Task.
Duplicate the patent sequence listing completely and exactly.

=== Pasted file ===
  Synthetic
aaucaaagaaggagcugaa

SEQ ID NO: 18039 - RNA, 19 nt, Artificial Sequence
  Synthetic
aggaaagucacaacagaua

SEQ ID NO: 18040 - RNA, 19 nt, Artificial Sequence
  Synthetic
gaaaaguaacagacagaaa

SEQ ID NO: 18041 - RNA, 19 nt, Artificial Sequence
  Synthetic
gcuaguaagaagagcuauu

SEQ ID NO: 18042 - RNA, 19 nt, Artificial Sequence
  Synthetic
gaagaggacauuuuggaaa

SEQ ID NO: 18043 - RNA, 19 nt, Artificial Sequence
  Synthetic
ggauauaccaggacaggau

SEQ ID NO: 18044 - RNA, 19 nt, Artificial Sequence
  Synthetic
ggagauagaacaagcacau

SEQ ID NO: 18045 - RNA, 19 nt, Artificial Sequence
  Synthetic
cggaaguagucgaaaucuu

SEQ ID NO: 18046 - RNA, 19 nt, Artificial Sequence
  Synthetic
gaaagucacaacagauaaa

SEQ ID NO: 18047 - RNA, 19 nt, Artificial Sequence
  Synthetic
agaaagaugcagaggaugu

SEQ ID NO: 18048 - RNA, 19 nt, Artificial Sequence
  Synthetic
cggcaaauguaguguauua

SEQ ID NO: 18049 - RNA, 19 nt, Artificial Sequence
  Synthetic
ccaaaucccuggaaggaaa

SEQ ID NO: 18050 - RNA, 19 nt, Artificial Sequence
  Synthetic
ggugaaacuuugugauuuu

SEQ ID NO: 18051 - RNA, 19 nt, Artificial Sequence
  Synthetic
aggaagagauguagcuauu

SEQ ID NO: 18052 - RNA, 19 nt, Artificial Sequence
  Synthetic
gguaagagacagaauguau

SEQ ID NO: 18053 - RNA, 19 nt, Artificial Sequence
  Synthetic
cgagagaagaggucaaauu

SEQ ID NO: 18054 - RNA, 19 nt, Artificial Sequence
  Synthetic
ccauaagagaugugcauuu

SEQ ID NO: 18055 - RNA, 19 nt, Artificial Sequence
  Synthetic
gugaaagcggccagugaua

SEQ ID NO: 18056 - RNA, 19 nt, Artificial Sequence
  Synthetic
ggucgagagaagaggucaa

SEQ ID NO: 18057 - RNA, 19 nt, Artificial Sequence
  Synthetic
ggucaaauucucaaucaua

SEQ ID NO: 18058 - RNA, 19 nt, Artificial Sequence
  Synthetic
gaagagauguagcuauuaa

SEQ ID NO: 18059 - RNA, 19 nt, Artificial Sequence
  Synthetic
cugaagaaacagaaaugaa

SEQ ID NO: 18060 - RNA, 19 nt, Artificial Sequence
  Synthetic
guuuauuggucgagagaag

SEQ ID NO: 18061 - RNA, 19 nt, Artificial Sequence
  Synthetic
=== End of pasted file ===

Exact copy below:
  Synthetic
aaucaaagaaggagcugaa

SEQ ID NO: 18039 - RNA, 19 nt, Artificial Sequence
  Synthetic
aggaaagucacaacagaua

SEQ ID NO: 18040 - RNA, 19 nt, Artificial Sequence
  Synthetic
gaaaaguaacagacagaaa

SEQ ID NO: 18041 - RNA, 19 nt, Artificial Sequence
  Synthetic
gcuaguaagaagagcuauu

SEQ ID NO: 18042 - RNA, 19 nt, Artificial Sequence
  Synthetic
gaagaggacauuuuggaaa

SEQ ID NO: 18043 - RNA, 19 nt, Artificial Sequence
  Synthetic
ggauauaccaggacaggau

SEQ ID NO: 18044 - RNA, 19 nt, Artificial Sequence
  Synthetic
ggagauagaacaagcacau

SEQ ID NO: 18045 - RNA, 19 nt, Artificial Sequence
  Synthetic
cggaaguagucgaaaucuu

SEQ ID NO: 18046 - RNA, 19 nt, Artificial Sequence
  Synthetic
gaaagucacaacagauaaa

SEQ ID NO: 18047 - RNA, 19 nt, Artificial Sequence
  Synthetic
agaaagaugcagaggaugu

SEQ ID NO: 18048 - RNA, 19 nt, Artificial Sequence
  Synthetic
cggcaaauguaguguauua

SEQ ID NO: 18049 - RNA, 19 nt, Artificial Sequence
  Synthetic
ccaaaucccuggaaggaaa

SEQ ID NO: 18050 - RNA, 19 nt, Artificial Sequence
  Synthetic
ggugaaacuuugugauuuu

SEQ ID NO: 18051 - RNA, 19 nt, Artificial Sequence
  Synthetic
aggaagagauguagcuauu

SEQ ID NO: 18052 - RNA, 19 nt, Artificial Sequence
  Synthetic
gguaagagacagaauguau

SEQ ID NO: 18053 - RNA, 19 nt, Artificial Sequence
  Synthetic
cgagagaagaggucaaauu

SEQ ID NO: 18054 - RNA, 19 nt, Artificial Sequence
  Synthetic
ccauaagagaugugcauuu

SEQ ID NO: 18055 - RNA, 19 nt, Artificial Sequence
  Synthetic
gugaaagcggccagugaua

SEQ ID NO: 18056 - RNA, 19 nt, Artificial Sequence
  Synthetic
ggucgagagaagaggucaa

SEQ ID NO: 18057 - RNA, 19 nt, Artificial Sequence
  Synthetic
ggucaaauucucaaucaua

SEQ ID NO: 18058 - RNA, 19 nt, Artificial Sequence
  Synthetic
gaagagauguagcuauuaa

SEQ ID NO: 18059 - RNA, 19 nt, Artificial Sequence
  Synthetic
cugaagaaacagaaaugaa

SEQ ID NO: 18060 - RNA, 19 nt, Artificial Sequence
  Synthetic
guuuauuggucgagagaag

SEQ ID NO: 18061 - RNA, 19 nt, Artificial Sequence
  Synthetic